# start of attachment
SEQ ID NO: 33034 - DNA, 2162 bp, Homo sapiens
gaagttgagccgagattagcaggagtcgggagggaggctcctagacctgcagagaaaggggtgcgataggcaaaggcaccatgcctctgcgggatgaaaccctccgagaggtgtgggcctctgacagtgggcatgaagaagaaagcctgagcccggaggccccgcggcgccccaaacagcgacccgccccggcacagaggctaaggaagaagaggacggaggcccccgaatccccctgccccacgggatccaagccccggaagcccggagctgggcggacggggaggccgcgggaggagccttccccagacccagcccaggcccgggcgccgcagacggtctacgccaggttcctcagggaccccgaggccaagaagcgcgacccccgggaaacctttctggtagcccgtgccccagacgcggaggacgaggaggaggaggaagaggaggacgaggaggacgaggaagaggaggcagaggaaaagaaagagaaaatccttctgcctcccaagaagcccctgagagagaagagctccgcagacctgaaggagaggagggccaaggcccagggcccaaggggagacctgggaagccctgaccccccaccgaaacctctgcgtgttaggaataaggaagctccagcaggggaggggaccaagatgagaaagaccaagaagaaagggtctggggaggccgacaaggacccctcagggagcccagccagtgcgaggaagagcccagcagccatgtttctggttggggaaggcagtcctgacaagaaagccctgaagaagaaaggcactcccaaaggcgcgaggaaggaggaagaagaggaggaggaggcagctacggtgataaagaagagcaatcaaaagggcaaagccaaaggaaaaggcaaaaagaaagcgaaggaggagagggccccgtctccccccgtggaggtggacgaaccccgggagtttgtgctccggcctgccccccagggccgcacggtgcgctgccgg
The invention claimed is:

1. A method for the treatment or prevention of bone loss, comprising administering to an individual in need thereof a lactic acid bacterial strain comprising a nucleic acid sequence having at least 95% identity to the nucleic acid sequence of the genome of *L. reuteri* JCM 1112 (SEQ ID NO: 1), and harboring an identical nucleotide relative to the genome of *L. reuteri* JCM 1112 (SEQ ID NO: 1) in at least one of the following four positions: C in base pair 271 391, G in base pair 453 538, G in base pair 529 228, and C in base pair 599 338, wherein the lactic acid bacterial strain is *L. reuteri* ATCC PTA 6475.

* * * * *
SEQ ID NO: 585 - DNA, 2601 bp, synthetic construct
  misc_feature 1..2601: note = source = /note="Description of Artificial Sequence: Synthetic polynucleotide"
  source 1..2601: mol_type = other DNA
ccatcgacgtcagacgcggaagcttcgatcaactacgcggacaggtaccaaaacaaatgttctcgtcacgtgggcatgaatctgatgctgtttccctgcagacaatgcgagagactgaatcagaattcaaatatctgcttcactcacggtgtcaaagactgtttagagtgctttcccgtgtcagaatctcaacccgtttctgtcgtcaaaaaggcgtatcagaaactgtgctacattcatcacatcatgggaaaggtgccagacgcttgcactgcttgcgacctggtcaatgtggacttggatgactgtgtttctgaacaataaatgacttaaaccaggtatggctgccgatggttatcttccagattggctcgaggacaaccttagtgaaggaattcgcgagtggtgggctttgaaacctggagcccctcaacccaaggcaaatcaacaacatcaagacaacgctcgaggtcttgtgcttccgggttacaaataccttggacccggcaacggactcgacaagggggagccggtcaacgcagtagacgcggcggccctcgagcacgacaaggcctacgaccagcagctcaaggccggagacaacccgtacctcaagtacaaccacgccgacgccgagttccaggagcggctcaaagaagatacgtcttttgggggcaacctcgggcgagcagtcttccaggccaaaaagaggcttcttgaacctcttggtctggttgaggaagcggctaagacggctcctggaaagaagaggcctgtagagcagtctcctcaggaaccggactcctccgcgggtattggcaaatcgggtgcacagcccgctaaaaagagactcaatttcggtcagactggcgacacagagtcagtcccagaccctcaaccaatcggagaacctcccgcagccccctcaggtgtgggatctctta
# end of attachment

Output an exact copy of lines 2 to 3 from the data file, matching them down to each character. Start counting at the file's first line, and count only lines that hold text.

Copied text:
gaagttgagccgagattagcaggagtcgggagggaggctcctagacctgcagagaaaggggtgcgataggcaaaggcaccatgcctctgcgggatgaaaccctccgagaggtgtgggcctctgacagtgggcatgaagaagaaagcctgagcccggaggccccgcggcgccccaaacagcgacccgccccggcacagaggctaaggaagaagaggacggaggcccccgaatccccctgccccacgggatccaagccccggaagcccggagctgggcggacggggaggccgcgggaggagccttccccagacccagcccaggcccgggcgccgcagacggtctacgccaggttcctcagggaccccgaggccaagaagcgcgacccccgggaaacctttctggtagcccgtgccccagacgcggaggacgaggaggaggaggaagaggaggacgaggaggacgaggaagaggaggcagaggaaaagaaagagaaaatccttctgcctcccaagaagcccctgagagagaagagctccgcagacctgaaggagaggagggccaaggcccagggcccaaggggagacctgggaagccctgaccccccaccgaaacctctgcgtgttaggaataaggaagctccagcaggggaggggaccaagatgagaaagaccaagaagaaagggtctggggaggccgacaaggacccctcagggagcccagccagtgcgaggaagagcccagcagccatgtttctggttggggaaggcagtcctgacaagaaagccctgaagaagaaaggcactcccaaaggcgcgaggaaggaggaagaagaggaggaggaggcagctacggtgataaagaagagcaatcaaaagggcaaagccaaaggaaaaggcaaaaagaaagcgaaggaggagagggccccgtctccccccgtggaggtggacgaaccccgggagtttgtgctccggcctgccccccagggccgcacggtgcgctgccgg
The invention claimed is: